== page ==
Albany: 2013-14 America East Men's Basketball Champions
STONY BROOK, N.Y. -- Albany's Sam Rowley picked up his fifth foul with about 7 minutes left while fighting for a loose ball with Stony Brook's Eric McAlister. He'd already scored 18 points, but his team was down by six points.
Albany coach Will Brown admitted being nervous when his leading scorer left the game.
But Albany scored 23 of the final 31 points to defeat Stony Brook 69-60 Saturday in the America East Championship game and earn its second consecutive NCAA tournament berth.
"My assistant coaches did a tremendous job taking the most impatient head coach in the country and getting him to settle down," said Brown, jokingly.
The 12th-year Albany coach finally relaxed when sophomore guard Peter Hooley hit a 3-pointer with 1:04 to play. That basket put the Great Danes up 61-56, and they finished 8-for-8 from the line in the final minute.
DJ Evans added 16 points, and Hooley scored nine of his 15 points in the final 7 minutes to help the Great Danes wrap up their second straight America East title.
Rowley recalled that title game last year, saying it helped the players maintain their composure.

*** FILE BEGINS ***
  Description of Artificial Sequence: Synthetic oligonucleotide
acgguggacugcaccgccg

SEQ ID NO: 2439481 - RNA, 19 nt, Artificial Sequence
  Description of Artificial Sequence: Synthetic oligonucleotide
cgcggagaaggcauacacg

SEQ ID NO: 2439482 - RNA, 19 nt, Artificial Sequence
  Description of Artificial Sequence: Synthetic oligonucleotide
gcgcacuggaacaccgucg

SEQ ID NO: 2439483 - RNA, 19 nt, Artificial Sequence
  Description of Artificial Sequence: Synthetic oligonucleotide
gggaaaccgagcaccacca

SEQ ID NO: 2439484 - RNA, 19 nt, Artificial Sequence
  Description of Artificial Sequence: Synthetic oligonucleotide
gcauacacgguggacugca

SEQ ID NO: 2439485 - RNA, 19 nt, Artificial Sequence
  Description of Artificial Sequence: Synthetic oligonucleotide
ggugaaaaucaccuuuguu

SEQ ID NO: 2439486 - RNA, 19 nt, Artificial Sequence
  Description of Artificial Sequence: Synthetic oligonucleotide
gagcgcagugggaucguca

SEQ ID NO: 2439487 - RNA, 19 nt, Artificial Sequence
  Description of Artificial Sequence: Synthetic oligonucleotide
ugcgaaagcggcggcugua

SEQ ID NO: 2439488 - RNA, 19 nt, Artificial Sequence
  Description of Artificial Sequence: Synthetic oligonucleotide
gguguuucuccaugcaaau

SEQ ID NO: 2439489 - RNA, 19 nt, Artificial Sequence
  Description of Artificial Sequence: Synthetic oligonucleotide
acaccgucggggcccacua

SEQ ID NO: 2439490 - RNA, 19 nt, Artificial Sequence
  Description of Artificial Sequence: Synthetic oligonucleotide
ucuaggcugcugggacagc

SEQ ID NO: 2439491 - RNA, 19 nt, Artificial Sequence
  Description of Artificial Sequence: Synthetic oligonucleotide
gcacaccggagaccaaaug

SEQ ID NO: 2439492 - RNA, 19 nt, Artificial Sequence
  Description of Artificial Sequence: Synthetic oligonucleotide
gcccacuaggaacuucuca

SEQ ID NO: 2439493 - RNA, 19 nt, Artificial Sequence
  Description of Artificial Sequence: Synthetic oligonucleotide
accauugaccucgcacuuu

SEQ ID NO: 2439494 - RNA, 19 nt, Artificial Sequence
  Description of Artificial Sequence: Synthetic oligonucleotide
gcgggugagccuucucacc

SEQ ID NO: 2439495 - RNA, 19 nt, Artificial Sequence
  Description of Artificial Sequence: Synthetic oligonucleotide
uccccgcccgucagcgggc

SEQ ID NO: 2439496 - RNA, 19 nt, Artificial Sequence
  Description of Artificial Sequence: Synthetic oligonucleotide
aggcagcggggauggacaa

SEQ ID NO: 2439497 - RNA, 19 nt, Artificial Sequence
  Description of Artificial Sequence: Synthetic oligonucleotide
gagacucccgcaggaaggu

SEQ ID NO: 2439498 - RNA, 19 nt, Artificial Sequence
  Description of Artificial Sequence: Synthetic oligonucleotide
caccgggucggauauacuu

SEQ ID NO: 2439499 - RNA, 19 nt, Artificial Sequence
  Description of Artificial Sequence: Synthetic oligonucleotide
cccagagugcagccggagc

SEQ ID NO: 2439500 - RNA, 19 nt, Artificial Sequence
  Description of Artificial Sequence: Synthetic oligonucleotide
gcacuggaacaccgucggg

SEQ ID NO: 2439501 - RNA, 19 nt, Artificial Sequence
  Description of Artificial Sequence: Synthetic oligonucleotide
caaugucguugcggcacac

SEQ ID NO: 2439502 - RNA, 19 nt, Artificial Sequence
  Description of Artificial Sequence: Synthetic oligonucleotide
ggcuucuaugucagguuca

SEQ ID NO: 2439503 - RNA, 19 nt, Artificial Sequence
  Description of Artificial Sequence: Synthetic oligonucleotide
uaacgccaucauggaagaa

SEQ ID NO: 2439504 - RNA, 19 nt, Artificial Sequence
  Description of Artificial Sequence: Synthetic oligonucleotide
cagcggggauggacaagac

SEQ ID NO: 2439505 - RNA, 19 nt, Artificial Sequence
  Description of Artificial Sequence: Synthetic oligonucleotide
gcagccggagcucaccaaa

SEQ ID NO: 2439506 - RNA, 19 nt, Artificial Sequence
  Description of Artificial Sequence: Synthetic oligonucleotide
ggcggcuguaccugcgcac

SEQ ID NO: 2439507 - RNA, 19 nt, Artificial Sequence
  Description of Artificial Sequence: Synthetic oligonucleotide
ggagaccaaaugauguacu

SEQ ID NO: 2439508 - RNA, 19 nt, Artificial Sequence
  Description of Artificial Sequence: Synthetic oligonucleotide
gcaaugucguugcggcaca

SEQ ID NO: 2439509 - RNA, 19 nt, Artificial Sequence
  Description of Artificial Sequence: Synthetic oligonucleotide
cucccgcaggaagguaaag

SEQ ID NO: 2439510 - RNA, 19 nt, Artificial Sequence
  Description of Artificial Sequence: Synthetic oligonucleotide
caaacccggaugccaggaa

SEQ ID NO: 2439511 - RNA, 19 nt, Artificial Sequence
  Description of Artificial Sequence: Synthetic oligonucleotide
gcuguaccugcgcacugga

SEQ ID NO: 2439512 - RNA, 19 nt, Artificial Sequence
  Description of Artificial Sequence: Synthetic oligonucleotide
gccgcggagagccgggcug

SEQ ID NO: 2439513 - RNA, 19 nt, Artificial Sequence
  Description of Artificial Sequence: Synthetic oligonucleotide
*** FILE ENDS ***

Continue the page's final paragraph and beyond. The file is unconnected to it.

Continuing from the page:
"Every player that was on the court had experience playing in a final," Rowley said. "Everybody knew that we needed to make a run at that time if we were going to win the game. And they just executed."
The Seawolves were attempting to earn their first NCAA tournament berth. They've lost three conference finals in the last five years.
Albany led 34-31 at halftime, and Rowley finished 9 for 11 from the field before fouling out. Brown took a chance by putting the junior back in later in the game, and 18 seconds later, he drew his fifth foul.
However, Albany rallied to pull even at 52-52, and Hooley's 3-pointer helped seal the win.
Stony Brook coach Steve Pikiell said two second-half shooting droughts were just too much for his team to overcome.
"We just didn't make shots," he said. "It was a close game. We didn't make plays when we had to."
Pikiell cited his team's strong performance in the regular season and a roster with nine underclassmen as reasons for optimism.
"We won 23 games," Pikiell said. "And I'm not apologizing for that. We're going to be back in this thing again."
Those words were little comfort to the four seniors on the roster. Coley was overcome with emotion during the postgame news conference.
"It's hard," Coley said. "With the environment, the game, the anxiety going on, the emotions, the will to win."
Albany is headed back to the NCAA tournament for the fourth time in the past nine years. The Great Danes, who finished the season with an 18-14 record, hope to avoid playing in the opening round of the tournament in Dayton, Ohio.